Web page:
Aging: Embrace It!

This post is part of Sophie Keller's "How Happy Is" series on The Huffington Post. This week, Sophie offers advice on your health:

There is a moment in all our lives when the feeling that we are getting older hits us for the first time. It might be when you reach a significant age milestone, when you have a child or when you catch yourself in the mirror and see that those first lines have appeared on your face. But rather than dwell on the negative, being conscious of time moving forward can help you adopt
healthy new habits.

1. Recognizing Healthy Relationships: Getting older makes you realize that your precious time is limited. So with that in mind, who would you like to spend more time with? Would you like
to see certain members of your family more or allow a current friendship to develop to a new level?

2. Leaving a Positive Legacy: Getting older gives you a sense of urgency that will make you think deeply about what you are meant to be doing on the planet and how you want to leave a positive legacy behind. Not all of us have the opportunity to touch thousands of people's lives at once, in the way of a public figure. But it actually can be just as powerful and even more meaningful to touch the lives of those around you: your family, your friends and your community. If you can make a difference in one person's life and give to them or teach them something, invariably they will pass it on to other people they come in contact with, and those others will hopefully, in turn, pass it on as well. So the effect of you making a difference is like a wave that radiates out and touches hundreds of people's lives without you knowing.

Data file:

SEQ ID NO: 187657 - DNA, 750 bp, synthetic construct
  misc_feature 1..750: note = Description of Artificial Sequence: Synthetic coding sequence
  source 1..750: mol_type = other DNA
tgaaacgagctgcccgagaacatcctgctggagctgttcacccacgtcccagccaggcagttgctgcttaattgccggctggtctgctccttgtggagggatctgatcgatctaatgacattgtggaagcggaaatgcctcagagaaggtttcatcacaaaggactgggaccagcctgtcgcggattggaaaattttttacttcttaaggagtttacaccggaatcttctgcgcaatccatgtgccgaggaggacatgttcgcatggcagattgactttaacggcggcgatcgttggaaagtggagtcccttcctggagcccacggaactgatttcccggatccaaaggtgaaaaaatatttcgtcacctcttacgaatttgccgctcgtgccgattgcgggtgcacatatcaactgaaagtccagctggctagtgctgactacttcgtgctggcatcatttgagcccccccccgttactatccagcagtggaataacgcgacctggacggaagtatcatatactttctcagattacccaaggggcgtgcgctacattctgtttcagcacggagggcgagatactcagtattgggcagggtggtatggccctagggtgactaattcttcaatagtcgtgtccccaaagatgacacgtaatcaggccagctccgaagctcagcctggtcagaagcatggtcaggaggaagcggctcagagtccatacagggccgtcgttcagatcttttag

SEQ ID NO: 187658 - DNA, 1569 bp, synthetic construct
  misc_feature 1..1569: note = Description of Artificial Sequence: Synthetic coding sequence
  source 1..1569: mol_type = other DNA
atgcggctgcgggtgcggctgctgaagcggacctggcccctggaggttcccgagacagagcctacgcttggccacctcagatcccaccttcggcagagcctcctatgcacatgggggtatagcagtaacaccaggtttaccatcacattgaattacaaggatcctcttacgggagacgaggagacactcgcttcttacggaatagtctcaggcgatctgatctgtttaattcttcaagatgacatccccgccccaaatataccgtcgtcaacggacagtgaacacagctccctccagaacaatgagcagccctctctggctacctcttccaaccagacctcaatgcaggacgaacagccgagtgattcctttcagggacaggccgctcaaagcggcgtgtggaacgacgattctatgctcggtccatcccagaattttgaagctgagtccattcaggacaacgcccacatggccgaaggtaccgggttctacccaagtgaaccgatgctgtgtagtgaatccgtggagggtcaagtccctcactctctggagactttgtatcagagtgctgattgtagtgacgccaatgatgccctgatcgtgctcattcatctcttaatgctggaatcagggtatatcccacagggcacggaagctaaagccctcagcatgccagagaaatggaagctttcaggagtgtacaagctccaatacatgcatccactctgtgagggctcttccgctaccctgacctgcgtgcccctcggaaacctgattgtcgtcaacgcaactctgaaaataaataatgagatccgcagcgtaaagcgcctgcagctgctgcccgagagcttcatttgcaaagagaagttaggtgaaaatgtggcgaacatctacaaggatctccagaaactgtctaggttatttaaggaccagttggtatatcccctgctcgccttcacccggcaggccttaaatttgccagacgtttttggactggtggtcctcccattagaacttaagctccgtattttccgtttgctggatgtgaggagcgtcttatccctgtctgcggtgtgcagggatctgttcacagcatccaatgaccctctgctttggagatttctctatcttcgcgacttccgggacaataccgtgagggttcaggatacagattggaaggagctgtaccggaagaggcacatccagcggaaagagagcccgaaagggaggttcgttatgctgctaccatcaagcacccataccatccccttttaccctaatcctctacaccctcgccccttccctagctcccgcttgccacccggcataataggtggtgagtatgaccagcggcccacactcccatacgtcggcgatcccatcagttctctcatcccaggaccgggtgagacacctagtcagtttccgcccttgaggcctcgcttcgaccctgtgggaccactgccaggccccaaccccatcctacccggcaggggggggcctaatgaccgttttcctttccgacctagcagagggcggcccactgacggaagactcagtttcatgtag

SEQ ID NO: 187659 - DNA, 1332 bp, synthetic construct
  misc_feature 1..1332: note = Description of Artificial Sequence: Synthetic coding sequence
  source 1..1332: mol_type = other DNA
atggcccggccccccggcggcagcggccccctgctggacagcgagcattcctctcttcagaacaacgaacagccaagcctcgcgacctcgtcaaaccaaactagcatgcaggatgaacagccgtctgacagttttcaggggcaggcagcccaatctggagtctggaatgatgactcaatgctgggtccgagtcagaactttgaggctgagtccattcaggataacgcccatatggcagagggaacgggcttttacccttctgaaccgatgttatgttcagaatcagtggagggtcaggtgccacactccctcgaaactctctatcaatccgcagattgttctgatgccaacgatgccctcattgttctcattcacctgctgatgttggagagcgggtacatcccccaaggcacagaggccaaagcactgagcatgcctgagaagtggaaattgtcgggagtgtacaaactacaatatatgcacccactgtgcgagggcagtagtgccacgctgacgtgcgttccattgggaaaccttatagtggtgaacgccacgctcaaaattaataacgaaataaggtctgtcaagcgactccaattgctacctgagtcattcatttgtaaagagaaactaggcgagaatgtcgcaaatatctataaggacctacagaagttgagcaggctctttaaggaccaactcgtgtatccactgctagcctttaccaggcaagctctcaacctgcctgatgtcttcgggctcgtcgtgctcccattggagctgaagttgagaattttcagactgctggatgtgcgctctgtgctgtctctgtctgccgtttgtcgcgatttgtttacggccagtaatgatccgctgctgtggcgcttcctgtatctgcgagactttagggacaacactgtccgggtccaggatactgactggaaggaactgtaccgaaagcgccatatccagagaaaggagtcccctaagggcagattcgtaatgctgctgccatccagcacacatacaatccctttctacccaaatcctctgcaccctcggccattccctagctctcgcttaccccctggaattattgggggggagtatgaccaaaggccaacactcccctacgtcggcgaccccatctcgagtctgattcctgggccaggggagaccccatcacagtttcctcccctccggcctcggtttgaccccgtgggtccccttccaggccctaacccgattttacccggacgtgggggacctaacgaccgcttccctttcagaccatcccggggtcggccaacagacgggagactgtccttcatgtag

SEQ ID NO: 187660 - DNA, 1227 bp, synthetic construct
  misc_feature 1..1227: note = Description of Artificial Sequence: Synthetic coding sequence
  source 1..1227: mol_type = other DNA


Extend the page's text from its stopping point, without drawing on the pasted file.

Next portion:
3. Letting Go of Grudges: Getting older makes you appreciate every moment of your life more. There is no time to waste on being at odds with anyone. If you have a disagreement, take the healthy route: let go of your ego and patch things up as quickly as you can. Give as much as you can to your family, friends and colleagues, especially when they least expect it, and when you come in contact with new people, think about what you can do for them, how you can help them, instead of what they can do for you.



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